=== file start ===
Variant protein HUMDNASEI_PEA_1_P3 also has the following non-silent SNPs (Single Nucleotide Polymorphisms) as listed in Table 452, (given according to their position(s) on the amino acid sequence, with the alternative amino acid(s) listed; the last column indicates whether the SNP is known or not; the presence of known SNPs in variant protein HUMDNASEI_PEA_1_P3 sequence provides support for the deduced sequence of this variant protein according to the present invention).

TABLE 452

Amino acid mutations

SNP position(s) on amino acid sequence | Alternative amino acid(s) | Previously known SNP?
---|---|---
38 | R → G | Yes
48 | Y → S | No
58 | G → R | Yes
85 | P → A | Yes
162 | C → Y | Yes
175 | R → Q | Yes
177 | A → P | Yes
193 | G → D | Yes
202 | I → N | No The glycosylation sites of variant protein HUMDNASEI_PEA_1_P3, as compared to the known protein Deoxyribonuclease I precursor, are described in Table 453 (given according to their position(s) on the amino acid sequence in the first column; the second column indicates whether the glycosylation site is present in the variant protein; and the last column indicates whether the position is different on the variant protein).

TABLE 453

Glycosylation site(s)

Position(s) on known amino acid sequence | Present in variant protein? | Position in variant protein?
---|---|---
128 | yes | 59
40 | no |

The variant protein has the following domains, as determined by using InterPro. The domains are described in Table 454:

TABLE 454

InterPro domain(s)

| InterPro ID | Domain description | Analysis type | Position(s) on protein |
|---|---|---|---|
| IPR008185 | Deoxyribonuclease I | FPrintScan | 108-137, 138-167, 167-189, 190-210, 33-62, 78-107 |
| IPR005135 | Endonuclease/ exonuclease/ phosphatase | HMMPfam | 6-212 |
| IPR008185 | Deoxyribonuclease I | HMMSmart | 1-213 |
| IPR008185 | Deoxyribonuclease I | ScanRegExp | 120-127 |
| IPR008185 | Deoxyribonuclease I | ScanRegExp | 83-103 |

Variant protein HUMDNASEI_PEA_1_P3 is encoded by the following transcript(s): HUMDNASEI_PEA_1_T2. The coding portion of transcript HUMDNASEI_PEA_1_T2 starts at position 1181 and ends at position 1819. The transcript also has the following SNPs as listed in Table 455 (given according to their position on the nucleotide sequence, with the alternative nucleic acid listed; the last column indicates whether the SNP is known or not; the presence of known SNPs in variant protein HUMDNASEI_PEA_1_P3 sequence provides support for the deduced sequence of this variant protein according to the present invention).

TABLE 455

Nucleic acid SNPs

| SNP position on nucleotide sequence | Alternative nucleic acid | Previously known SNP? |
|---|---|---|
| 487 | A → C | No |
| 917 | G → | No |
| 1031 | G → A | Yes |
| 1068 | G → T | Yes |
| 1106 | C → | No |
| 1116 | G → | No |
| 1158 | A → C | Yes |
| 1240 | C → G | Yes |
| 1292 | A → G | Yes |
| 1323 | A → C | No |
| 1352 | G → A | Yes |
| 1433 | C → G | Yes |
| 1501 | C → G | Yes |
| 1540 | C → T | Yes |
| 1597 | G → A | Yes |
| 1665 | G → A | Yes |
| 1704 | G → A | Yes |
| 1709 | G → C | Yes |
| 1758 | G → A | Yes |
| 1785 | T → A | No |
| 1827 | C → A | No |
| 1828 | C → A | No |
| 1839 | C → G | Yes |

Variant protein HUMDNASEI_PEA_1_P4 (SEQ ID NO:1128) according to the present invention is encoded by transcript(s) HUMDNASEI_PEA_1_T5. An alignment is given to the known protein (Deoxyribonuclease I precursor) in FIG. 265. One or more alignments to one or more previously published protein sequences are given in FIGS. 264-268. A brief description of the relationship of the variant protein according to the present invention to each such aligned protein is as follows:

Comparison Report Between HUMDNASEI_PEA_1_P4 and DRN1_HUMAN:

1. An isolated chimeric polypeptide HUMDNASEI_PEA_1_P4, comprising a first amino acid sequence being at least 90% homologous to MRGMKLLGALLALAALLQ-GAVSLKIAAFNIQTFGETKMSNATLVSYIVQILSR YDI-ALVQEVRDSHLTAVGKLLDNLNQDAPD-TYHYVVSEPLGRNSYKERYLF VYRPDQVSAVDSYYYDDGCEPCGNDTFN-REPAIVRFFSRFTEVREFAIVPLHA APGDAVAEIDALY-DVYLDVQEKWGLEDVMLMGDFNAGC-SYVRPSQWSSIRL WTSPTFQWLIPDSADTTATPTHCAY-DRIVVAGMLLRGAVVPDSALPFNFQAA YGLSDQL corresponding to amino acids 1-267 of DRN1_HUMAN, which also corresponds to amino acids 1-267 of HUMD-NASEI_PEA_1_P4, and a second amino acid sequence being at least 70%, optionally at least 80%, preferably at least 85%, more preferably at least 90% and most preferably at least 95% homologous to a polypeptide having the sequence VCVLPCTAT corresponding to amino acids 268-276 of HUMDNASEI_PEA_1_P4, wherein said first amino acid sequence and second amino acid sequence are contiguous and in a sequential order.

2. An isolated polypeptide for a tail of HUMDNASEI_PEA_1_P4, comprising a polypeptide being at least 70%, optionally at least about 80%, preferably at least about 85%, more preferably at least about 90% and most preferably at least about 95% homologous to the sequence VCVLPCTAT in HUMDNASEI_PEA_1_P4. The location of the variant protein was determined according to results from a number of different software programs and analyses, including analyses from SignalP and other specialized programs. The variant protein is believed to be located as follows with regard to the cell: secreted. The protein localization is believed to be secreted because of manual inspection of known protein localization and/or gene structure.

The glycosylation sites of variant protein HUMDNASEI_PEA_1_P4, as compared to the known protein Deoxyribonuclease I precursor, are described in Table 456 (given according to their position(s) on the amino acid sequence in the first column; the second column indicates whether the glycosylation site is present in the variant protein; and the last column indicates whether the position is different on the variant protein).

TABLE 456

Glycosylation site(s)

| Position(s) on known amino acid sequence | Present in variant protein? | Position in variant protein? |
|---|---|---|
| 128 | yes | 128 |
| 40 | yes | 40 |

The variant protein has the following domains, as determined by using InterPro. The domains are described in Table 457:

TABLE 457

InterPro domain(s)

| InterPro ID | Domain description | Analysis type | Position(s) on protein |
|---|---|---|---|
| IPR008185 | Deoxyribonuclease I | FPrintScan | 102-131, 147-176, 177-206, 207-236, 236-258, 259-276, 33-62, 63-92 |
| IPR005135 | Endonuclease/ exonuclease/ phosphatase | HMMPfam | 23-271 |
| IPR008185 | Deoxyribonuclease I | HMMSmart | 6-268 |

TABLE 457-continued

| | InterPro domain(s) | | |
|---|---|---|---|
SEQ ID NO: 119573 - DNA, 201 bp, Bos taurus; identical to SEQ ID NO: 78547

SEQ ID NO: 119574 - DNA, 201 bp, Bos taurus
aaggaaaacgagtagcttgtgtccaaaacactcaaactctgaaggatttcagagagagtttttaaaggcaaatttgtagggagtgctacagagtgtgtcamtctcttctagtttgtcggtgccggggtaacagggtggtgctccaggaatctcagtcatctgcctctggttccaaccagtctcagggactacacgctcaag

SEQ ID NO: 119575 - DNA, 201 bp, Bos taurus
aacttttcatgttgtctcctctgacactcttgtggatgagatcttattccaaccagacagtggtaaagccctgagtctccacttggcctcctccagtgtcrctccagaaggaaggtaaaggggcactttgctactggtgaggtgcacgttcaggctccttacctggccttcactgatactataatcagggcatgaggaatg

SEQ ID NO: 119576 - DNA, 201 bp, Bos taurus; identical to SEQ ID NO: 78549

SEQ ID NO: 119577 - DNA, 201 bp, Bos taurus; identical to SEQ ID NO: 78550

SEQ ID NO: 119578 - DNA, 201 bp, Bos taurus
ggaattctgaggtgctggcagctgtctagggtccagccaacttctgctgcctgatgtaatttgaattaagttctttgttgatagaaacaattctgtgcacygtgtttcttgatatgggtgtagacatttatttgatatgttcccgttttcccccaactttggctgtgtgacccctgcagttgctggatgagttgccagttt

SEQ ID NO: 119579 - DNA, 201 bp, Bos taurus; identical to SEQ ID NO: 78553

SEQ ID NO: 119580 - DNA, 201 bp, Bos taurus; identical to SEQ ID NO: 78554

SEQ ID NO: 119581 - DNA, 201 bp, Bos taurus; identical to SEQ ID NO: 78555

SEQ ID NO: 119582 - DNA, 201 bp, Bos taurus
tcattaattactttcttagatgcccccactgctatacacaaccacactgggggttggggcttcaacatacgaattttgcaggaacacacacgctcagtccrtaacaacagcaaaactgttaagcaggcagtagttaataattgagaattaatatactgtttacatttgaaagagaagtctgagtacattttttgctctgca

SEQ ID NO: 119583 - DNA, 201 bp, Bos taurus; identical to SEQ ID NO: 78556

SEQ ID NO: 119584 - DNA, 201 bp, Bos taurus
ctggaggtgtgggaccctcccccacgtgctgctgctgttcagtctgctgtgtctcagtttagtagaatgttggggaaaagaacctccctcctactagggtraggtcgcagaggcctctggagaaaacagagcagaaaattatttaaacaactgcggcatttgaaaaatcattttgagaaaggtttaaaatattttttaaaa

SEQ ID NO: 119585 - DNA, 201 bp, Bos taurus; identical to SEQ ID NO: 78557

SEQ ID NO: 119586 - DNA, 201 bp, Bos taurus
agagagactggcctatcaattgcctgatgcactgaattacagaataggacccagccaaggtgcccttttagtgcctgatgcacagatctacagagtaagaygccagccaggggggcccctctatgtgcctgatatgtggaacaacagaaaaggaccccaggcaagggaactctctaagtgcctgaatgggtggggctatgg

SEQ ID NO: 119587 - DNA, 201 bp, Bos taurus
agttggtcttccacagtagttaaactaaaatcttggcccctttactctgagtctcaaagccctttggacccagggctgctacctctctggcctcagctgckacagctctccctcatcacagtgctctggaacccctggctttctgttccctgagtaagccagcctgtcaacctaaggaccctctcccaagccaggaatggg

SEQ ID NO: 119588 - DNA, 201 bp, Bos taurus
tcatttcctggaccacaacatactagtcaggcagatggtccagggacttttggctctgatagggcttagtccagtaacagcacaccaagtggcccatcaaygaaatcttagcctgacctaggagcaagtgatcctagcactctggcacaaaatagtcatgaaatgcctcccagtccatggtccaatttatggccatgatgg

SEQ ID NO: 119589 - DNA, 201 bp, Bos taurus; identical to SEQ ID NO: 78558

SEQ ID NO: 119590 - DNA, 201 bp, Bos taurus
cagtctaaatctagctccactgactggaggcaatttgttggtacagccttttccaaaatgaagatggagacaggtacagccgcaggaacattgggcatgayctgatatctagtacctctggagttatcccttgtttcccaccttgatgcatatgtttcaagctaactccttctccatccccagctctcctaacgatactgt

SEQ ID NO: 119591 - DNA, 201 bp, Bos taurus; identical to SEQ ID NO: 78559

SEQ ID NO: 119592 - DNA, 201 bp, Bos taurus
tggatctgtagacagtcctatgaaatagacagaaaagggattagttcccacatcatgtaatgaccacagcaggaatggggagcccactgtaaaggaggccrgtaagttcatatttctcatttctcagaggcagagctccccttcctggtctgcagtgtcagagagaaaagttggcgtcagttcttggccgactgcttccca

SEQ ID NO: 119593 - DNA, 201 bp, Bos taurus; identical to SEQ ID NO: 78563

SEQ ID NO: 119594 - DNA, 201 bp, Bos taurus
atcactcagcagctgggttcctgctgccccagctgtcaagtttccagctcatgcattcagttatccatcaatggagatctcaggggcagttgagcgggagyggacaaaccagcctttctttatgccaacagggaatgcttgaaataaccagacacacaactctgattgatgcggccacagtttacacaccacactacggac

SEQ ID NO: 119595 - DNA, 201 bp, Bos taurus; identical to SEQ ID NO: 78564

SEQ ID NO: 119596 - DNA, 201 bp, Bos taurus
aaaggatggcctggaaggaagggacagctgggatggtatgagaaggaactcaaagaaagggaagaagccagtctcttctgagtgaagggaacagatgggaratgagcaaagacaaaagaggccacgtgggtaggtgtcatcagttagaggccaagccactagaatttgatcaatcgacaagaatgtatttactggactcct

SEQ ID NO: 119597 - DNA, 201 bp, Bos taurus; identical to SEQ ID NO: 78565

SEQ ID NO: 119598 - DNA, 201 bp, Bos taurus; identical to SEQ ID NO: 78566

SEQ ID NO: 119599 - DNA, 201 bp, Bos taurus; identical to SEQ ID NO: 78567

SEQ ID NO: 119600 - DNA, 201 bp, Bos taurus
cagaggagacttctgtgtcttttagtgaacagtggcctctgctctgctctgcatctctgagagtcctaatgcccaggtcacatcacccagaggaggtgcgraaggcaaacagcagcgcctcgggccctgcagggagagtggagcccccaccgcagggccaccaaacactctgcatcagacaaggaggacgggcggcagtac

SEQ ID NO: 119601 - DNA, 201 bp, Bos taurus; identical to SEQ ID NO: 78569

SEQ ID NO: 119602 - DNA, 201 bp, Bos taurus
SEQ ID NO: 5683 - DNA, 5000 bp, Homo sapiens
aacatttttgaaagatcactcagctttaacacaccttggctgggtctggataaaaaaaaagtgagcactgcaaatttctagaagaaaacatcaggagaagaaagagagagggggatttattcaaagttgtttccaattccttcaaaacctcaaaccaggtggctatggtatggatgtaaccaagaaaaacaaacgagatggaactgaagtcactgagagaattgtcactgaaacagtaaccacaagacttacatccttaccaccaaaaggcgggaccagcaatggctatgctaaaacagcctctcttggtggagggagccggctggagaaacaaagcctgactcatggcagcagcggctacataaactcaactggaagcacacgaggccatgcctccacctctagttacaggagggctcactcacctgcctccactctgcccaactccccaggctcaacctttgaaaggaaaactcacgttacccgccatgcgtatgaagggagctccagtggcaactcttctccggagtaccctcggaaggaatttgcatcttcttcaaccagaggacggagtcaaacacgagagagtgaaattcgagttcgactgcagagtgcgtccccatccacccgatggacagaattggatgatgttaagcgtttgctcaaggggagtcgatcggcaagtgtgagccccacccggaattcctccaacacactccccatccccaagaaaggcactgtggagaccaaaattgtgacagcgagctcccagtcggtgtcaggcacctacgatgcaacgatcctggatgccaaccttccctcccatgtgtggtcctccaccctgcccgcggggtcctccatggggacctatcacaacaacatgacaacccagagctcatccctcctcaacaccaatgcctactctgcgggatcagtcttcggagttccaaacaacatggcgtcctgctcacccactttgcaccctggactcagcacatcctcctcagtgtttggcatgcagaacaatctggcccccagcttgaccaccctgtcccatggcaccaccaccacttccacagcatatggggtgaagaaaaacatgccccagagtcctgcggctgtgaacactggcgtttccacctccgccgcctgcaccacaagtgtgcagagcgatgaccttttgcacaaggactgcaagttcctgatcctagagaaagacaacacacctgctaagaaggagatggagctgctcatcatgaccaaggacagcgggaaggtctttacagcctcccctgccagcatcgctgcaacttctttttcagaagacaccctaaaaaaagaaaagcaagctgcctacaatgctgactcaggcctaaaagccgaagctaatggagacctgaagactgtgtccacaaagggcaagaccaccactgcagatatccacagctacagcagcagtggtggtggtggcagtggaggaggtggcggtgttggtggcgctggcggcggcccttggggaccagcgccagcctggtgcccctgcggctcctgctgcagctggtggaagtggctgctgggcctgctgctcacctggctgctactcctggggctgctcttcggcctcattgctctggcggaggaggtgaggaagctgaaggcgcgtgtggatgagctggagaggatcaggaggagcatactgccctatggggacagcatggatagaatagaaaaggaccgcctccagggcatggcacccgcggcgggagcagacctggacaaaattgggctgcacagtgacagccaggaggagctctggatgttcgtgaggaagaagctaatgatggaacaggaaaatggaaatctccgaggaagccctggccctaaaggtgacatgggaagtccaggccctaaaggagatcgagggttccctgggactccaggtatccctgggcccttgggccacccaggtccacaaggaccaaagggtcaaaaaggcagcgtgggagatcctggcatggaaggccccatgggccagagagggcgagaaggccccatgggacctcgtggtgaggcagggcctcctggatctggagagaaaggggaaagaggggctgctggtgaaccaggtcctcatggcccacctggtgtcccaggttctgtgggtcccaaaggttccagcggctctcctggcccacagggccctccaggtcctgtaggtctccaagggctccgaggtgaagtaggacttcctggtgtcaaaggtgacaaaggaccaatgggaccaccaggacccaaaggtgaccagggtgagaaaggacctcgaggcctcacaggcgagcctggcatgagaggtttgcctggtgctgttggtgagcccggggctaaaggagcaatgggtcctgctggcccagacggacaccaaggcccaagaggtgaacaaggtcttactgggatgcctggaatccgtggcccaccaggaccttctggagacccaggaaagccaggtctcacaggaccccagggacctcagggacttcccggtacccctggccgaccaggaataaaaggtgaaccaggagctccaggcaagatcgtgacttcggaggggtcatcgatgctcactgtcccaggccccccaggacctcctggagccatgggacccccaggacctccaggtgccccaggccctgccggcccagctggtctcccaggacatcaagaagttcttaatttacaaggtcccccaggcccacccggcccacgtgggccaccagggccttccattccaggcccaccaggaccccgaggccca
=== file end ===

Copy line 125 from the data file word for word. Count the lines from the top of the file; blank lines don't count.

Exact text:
aacatttttgaaagatcactcagctttaacacaccttggctgggtctggataaaaaaaaagtgagcactgcaaatttctagaagaaaacatcaggagaagaaagagagagggggatttattcaaagttgtttccaattccttcaaaacctcaaaccaggtggctatggtatggatgtaaccaagaaaaacaaacgagatggaactgaagtcactgagagaattgtcactgaaacagtaaccacaagacttacatccttaccaccaaaaggcgggaccagcaatggctatgctaaaacagcctctcttggtggagggagccggctggagaaacaaagcctgactcatggcagcagcggctacataaactcaactggaagcacacgaggccatgcctccacctctagttacaggagggctcactcacctgcctccactctgcccaactccccaggctcaacctttgaaaggaaaactcacgttacccgccatgcgtatgaagggagctccagtggcaactcttctccggagtaccctcggaaggaatttgcatcttcttcaaccagaggacggagtcaaacacgagagagtgaaattcgagttcgactgcagagtgcgtccccatccacccgatggacagaattggatgatgttaagcgtttgctcaaggggagtcgatcggcaagtgtgagccccacccggaattcctccaacacactccccatccccaagaaaggcactgtggagaccaaaattgtgacagcgagctcccagtcggtgtcaggcacctacgatgcaacgatcctggatgccaaccttccctcccatgtgtggtcctccaccctgcccgcggggtcctccatggggacctatcacaacaacatgacaacccagagctcatccctcctcaacaccaatgcctactctgcgggatcagtcttcggagttccaaacaacatggcgtcctgctcacccactttgcaccctggactcagcacatcctcctcagtgtttggcatgcagaacaatctggcccccagcttgaccaccctgtcccatggcaccaccaccacttccacagcatatggggtgaagaaaaacatgccccagagtcctgcggctgtgaacactggcgtttccacctccgccgcctgcaccacaagtgtgcagagcgatgaccttttgcacaaggactgcaagttcctgatcctagagaaagacaacacacctgctaagaaggagatggagctgctcatcatgaccaaggacagcgggaaggtctttacagcctcccctgccagcatcgctgcaacttctttttcagaagacaccctaaaaaaagaaaagcaagctgcctacaatgctgactcaggcctaaaagccgaagctaatggagacctgaagactgtgtccacaaagggcaagaccaccactgcagatatccacagctacagcagcagtggtggtggtggcagtggaggaggtggcggtgttggtggcgctggcggcggcccttggggaccagcgccagcctggtgcccctgcggctcctgctgcagctggtggaagtggctgctgggcctgctgctcacctggctgctactcctggggctgctcttcggcctcattgctctggcggaggaggtgaggaagctgaaggcgcgtgtggatgagctggagaggatcaggaggagcatactgccctatggggacagcatggatagaatagaaaaggaccgcctccagggcatggcacccgcggcgggagcagacctggacaaaattgggctgcacagtgacagccaggaggagctctggatgttcgtgaggaagaagctaatgatggaacaggaaaatggaaatctccgaggaagccctggccctaaaggtgacatgggaagtccaggccctaaaggagatcgagggttccctgggactccaggtatccctgggcccttgggccacccaggtccacaaggaccaaagggtcaaaaaggcagcgtgggagatcctggcatggaaggccccatgggccagagagggcgagaaggccccatgggacctcgtggtgaggcagggcctcctggatctggagagaaaggggaaagaggggctgctggtgaaccaggtcctcatggcccacctggtgtcccaggttctgtgggtcccaaaggttccagcggctctcctggcccacagggccctccaggtcctgtaggtctccaagggctccgaggtgaagtaggacttcctggtgtcaaaggtgacaaaggaccaatgggaccaccaggacccaaaggtgaccagggtgagaaaggacctcgaggcctcacaggcgagcctggcatgagaggtttgcctggtgctgttggtgagcccggggctaaaggagcaatgggtcctgctggcccagacggacaccaaggcccaagaggtgaacaaggtcttactgggatgcctggaatccgtggcccaccaggaccttctggagacccaggaaagccaggtctcacaggaccccagggacctcagggacttcccggtacccctggccgaccaggaataaaaggtgaaccaggagctccaggcaagatcgtgacttcggaggggtcatcgatgctcactgtcccaggccccccaggacctcctggagccatgggacccccaggacctccaggtgccccaggccctgccggcccagctggtctcccaggacatcaagaagttcttaatttacaaggtcccccaggcccacccggcccacgtgggccaccagggccttccattccaggcccaccaggaccccgaggccca